‘I’m a boss’: Why every black woman should speak Cardi B standards into existence

As I embark upon the final weeks of my 20s, I’ve decided to take a new philosophy into my 30s that will hopefully lead to a positive impact throughout the rest of my life. More importantly, I hope that this trend will help to inspire the upcoming new year for other black women who have ever doubted their placement, their dreams, their mission in life.

I always knew that I was someone special and had a story to tell with such a vocal stance on so many points, but over time I allowed society and people who I thought cared about me to deflect me from my true mission. Even people who meant nothing, I allowed for them to shape me as a person when they could care absolutely less about my genuine success.

As black women, at some point we’re taught to accept mediocrity even though we know we’re worth more. More or less, society has conditioned us to not question what we receive. If we do, we’re chastised for not being thankful for what we have, which then causes for us to settle in a number of ridiculous ways. We accept when we “can’t do something” no matter how much it bothers us — whether it’s a promotion, career choice, living situation, or just being independent in some capacity. We accept a man dogging us or not getting the man we want. We should be happy that at least some men have good jobs and that they want us despite we’re getting older, that we should just take it and be happy so we can get married and start our own families rather than trying to find a home to stumble on for the holidays.

We compromise too much; really, we sacrifice our wants and needs for the sake of either someone else previously sacrificing their own. Or we sacrifice our necessities for the sake of society not being in turmoil, for the sake of things not changing, for the sake of keeping Trump and Nazi sympathizers comfortable when the Civil Rights and feminist and gay pride movements were allegedly decades ago but we’re still not seeing what we fought, bled, and died for. Yes, as black women, that’s why we settle every time. To make someone else comfortable. Because, apparently, their comfort is more important than our own or our legacies. Their earthly comfort is more important than stamps we place on this world after our bodies turn cold and our physical beings cease to exist.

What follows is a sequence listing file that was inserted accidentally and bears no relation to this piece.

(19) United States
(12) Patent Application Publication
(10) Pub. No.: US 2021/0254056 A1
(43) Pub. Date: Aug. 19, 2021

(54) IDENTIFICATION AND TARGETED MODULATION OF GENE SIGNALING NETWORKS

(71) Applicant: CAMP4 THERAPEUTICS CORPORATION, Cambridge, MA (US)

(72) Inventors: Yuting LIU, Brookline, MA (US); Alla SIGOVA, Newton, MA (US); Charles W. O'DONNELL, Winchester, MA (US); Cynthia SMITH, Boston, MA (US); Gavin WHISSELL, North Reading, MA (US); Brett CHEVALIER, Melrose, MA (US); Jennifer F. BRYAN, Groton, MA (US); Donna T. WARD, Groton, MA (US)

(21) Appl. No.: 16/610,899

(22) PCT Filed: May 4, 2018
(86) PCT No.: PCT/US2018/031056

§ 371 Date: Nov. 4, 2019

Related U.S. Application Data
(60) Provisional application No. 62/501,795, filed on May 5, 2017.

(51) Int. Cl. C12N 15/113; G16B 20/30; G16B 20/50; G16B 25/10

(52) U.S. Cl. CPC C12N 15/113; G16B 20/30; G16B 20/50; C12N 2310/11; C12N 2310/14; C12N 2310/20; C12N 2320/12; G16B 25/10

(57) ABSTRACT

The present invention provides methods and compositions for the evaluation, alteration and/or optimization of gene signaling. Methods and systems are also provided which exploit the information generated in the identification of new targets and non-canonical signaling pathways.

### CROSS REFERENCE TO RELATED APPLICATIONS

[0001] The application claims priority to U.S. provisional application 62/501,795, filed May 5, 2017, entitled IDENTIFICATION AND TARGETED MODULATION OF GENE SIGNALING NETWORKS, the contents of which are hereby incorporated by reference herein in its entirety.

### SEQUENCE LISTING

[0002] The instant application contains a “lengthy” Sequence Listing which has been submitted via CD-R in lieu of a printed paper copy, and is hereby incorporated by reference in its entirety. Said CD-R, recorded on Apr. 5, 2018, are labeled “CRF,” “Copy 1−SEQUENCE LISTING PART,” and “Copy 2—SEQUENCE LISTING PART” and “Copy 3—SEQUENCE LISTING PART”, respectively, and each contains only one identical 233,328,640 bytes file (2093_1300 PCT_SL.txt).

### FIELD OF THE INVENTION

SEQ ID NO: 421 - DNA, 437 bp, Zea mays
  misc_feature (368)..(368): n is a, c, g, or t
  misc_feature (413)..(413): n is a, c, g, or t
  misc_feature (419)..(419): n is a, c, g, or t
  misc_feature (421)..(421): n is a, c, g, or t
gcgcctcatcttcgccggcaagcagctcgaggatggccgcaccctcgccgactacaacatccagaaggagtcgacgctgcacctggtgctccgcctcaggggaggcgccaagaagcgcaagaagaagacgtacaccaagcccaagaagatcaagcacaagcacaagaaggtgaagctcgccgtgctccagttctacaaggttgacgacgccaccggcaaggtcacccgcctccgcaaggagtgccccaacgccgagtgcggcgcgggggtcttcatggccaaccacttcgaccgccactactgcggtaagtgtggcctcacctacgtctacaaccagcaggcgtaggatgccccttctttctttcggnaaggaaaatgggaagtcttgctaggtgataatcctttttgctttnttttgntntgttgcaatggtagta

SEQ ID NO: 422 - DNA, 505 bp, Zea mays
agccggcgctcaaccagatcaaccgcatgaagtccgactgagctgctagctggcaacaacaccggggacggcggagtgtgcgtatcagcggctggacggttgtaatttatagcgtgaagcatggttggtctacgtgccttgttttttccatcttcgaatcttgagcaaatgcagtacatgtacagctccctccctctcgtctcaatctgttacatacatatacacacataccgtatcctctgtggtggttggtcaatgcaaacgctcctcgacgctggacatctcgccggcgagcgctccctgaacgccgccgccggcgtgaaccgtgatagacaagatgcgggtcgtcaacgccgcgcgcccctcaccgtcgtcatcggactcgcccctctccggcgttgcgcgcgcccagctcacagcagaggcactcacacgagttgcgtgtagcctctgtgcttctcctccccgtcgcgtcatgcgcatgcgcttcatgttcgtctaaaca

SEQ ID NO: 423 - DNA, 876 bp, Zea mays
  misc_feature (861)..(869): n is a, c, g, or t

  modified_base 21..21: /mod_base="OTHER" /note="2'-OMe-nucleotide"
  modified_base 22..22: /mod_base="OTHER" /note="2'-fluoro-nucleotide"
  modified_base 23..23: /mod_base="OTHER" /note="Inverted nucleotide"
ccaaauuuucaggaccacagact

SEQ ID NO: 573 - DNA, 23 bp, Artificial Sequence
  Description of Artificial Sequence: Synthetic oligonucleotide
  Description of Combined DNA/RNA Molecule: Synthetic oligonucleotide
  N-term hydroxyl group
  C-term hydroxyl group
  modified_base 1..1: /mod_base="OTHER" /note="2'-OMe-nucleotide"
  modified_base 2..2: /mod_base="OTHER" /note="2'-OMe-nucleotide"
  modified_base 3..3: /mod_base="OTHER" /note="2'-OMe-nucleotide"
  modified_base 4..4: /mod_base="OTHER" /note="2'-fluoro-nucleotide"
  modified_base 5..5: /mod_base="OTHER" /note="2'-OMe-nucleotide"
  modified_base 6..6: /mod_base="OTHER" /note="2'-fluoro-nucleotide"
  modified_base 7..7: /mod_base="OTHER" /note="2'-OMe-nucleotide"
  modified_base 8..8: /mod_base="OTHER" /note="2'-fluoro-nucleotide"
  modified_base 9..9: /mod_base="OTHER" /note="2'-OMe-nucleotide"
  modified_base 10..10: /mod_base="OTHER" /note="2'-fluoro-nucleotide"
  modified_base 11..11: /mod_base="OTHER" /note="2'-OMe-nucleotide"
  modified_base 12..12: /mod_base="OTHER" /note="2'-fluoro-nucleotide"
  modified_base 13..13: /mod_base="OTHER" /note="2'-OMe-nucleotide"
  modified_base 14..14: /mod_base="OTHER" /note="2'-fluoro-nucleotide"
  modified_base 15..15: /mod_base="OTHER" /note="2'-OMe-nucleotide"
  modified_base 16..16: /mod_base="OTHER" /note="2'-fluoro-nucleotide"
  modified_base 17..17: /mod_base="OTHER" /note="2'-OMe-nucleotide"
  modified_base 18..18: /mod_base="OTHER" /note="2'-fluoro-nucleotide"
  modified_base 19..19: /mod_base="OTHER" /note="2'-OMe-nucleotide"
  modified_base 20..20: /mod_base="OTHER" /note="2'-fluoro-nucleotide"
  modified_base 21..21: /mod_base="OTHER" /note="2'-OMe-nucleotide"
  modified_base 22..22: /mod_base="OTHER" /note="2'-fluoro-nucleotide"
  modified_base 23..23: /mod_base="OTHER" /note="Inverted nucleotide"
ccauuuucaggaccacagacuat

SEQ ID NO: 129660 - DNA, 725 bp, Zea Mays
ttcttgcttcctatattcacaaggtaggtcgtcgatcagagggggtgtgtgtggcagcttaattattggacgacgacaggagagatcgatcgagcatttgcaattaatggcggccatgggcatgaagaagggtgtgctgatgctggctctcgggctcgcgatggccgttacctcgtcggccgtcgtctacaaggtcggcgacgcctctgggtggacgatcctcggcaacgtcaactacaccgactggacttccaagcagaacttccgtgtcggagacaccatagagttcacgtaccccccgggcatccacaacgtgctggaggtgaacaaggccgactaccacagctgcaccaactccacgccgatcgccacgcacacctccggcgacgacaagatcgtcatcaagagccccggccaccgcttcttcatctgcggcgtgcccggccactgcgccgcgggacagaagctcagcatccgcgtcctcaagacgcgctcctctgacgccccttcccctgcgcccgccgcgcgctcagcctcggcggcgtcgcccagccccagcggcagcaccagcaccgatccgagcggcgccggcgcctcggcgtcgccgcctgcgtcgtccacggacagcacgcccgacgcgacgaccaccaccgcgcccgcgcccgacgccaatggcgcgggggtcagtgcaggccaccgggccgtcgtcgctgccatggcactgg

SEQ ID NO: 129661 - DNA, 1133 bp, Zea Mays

But how would we change the world if we didn’t sacrifice our feelings for anything? Like Cardi B, a former stripper and a regular girl from the Bronx (who many believe doesn’t have much of an education, but don’t be fooled). Regardless, she is/was smart enough to use society’s insecurities to better and build herself. Who said that an exotic dancer can’t be featured on a cable television show? Who said that an exotic dancer couldn’t have THAT MUCH personality that she would have national fans and followers? Who would’ve believed that she would choose to LEAVE the show to pursue a rap career? Better yet, she’s real. She played the game to make it seem like she was a simple hoodrat who could conform to mainstream standards that she couldn’t step outside of the mold. But she did. Besides having the No. 1 single on the Billboard charts, besides becoming a household name for many, besides having nearly an all-white cast of Victoria’s Secret models rapping her lyrics during their largest show of the year, despite having every man crushing on her, besides building herself literally from the ground up, she’s a black woman reminding our community that there’s more to life than living in the moment. (And by black, again, I refer to any person with traceable African roots. Remember, less than 5 percent of slaves during the diaspora came to the U.S.)

Cardi B has managed to keep us all on track that as women of color, we have greater things to pursue than living for men. Than dedicating our life to earthly men. Than sacrificing our purposes for the comfort of others. By forgetting that we breathe air the same way that they do — the same air. Instead, she’s searching for what will ultimately uplift HER brand. Finding a man wasn’t her brand; he was just an accessory. So, why should our voices and concerns not be heard? Why accept that black women are the bottom of the totem poll when we designed, constructed, clothed, decorated, and said where the totem poll was going to be placed?

As a woman soon to enter my 30s, this 20-something taught me so much. As black women, we should concern ourselves with conquering the world. When we’re younger, we don’t necessarily understand this concept because we’re shown a different path. But we get wiser as we get older. And some are wiser from an earlier start.

With a history that has been so demoralizing and dehumanizing, black women have no choice but to triumph over any devil’s armageddon. We’ve dealt with it, our mothers and aunts dealt with it, and unfortunately we will pass the same struggle on to our daughters because it’s embedded within our DNA. But rather than waller in the depression and filth, we should use it to our advantage and sincerely OWN SHIT. Honestly, any woman of color within the U.S. has the ability to turn the shit show she’s been dealt into the ultimate show where everyone wants to have a role.




2 Replies to “‘I’m a boss’: Why every black woman should speak Cardi B standards into existence”

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